I would say the most common questions I get are “ready reference." People want to know the size of the population in the county, where to get immunizations without health insurance, how to find scholarships for their high school graduate, and similar questions. None of these are services provided by the Chamber, but I was encouraged to try to answer them if I knew the correct answer and had time to do so. This is in order to foster good relationships and serve the community. And so I do, taking to heart the principles I learned in my class.

I follow the American Library Association's Reference Users Services Association guidelines. I attempt to engage the user and not only deliver them an answer, but show them how to use the very sources I employed to answer their question. I tell them the population, but not before telling them how to access census data for the area online. I have instructed quite a few callers on how to effectively use a search engine. At least a handful of Michiganders who had never heard the word “Boolean” before now incorporate it into their everyday work, and spend their time thinking of alternate keywords when their first try doesn't net them their desired results.

When the questions get more complicated, I do my best to point them in the right direction to get started, but then I suggest my favorite place to go with questions: the library. I explain to them how reference librarians are trained to help their patrons locate the answers to their questions, and have many resources at their disposal to help users find information. And then one lovely older woman told me, “You should do that job, sweetie. You would be good at it.” I explained to her that I was already studying for my Master's in Library and Information Science, and I hoped to one day find a job in the field. She laughed and said the school was training me well.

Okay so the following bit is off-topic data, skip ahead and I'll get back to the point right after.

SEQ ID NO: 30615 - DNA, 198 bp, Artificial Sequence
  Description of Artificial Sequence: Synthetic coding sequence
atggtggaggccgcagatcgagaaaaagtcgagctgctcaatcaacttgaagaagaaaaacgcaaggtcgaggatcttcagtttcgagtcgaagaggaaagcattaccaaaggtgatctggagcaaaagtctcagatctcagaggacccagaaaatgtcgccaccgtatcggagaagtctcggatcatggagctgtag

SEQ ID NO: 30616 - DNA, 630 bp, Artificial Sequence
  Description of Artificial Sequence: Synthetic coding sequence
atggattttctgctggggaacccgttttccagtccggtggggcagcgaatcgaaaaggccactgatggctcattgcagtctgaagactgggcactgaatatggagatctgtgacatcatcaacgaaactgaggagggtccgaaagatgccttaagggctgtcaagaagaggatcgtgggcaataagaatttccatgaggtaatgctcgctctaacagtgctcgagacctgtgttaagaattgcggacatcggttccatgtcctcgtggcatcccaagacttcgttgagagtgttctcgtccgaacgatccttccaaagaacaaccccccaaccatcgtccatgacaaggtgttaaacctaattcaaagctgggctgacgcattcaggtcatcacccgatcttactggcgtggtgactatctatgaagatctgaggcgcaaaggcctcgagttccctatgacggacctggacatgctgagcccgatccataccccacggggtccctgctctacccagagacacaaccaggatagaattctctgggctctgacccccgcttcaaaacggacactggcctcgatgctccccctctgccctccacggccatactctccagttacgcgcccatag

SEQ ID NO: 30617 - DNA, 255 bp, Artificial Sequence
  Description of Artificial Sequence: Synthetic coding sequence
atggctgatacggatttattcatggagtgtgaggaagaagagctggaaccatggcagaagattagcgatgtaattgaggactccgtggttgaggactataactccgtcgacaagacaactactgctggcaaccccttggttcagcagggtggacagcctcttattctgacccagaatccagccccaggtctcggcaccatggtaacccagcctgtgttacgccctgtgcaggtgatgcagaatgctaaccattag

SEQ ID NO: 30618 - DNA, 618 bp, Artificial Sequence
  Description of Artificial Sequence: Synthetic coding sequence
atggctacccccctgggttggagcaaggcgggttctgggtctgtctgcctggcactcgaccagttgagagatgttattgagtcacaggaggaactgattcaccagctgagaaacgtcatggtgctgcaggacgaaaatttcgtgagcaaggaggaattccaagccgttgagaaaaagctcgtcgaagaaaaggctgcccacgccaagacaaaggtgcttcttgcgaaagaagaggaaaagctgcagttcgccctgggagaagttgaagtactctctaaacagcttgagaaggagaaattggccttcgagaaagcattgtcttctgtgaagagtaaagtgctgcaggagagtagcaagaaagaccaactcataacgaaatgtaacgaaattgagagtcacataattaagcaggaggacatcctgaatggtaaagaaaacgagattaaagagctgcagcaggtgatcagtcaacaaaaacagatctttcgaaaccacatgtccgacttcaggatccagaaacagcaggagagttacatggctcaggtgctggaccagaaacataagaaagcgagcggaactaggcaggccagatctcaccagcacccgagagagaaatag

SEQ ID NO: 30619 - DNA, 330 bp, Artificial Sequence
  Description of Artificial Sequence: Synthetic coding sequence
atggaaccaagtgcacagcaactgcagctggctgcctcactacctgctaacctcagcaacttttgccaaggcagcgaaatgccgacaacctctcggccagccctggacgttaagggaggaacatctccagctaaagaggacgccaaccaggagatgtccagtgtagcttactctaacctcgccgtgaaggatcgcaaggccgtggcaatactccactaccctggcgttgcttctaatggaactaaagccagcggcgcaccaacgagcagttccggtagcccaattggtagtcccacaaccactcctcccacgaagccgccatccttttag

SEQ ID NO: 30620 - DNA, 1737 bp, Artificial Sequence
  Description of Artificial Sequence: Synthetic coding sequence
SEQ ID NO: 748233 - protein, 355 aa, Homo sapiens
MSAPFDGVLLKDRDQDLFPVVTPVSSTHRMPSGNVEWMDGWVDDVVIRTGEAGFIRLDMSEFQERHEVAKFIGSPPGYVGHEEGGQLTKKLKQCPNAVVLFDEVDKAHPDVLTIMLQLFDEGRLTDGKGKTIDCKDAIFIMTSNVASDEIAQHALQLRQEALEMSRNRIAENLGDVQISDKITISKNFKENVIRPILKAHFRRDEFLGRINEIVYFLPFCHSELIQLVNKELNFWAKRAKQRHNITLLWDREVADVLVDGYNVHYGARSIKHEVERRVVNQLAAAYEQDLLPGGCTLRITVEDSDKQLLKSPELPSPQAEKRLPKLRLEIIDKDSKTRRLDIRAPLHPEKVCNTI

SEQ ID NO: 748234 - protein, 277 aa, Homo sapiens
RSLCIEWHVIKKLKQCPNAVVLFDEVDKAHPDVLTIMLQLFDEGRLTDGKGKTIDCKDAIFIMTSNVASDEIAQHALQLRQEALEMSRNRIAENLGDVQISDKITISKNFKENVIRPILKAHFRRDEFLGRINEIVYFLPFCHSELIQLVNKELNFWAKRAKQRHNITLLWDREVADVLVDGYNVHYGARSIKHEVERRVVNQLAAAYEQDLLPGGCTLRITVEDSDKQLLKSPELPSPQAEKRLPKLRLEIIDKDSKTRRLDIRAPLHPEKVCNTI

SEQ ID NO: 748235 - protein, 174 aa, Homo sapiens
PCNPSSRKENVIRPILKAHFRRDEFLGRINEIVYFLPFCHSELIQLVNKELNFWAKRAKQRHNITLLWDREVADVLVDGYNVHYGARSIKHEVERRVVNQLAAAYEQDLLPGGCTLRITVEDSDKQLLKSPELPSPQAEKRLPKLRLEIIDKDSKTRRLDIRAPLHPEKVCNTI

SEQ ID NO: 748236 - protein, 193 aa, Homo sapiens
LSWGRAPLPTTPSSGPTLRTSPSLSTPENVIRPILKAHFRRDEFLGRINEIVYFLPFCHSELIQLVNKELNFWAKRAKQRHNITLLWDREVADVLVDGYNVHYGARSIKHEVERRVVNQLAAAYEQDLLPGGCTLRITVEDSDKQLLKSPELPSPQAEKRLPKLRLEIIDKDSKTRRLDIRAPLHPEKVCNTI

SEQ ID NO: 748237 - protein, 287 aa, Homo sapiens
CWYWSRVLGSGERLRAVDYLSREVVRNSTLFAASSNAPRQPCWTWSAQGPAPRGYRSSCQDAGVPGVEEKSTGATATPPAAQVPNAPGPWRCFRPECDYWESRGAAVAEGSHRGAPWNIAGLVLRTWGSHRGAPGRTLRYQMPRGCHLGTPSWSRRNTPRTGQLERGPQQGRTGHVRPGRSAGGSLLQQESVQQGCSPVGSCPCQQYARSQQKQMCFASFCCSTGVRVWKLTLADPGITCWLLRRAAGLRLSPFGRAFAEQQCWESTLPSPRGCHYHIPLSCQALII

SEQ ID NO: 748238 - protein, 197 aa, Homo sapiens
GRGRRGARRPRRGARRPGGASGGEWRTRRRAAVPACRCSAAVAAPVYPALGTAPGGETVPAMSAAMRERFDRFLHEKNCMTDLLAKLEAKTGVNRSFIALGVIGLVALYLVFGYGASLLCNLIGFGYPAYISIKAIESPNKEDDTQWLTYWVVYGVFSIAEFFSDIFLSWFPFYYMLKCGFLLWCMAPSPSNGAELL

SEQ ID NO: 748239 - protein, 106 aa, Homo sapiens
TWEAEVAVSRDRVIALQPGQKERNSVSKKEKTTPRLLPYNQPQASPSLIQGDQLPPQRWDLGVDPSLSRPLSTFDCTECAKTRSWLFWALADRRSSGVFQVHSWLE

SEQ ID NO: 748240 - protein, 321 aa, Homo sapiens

I came to the Chamber expecting to collect a paycheck and maybe learn something about my community, but I also learned an incredibly valuable lesson. Sometimes, we can gain experience in the most unexpected places. I do not have a lot of library-related experience, but I know that I can explain how my time at the Chamber of Commerce helped me become a better librarian to prospective employers. I am hoping to convince my bosses to change my official title to Receptionist and Reference Specialist. Either that or they could call me “The Wizard,” but I do not think that will get the right kind of attention for my resume. And I will always remember the lesson that, just like Dorothy's experience in Oz, you can make the best of situation, even if it is not where you thought you belonged. So until I find that dream job, I will be answering questions at the Chamber while clicking my heels together and saying “If I only had the money to pay back my student loans...”

Marissa lives in Midland, Michigan, and when not complaining about the snow, spends her time frantically looking for ways to increase her library experience. The search has recently paid off, as she has started her first paying job in the LIS world as a part-time analyst for a local research firm.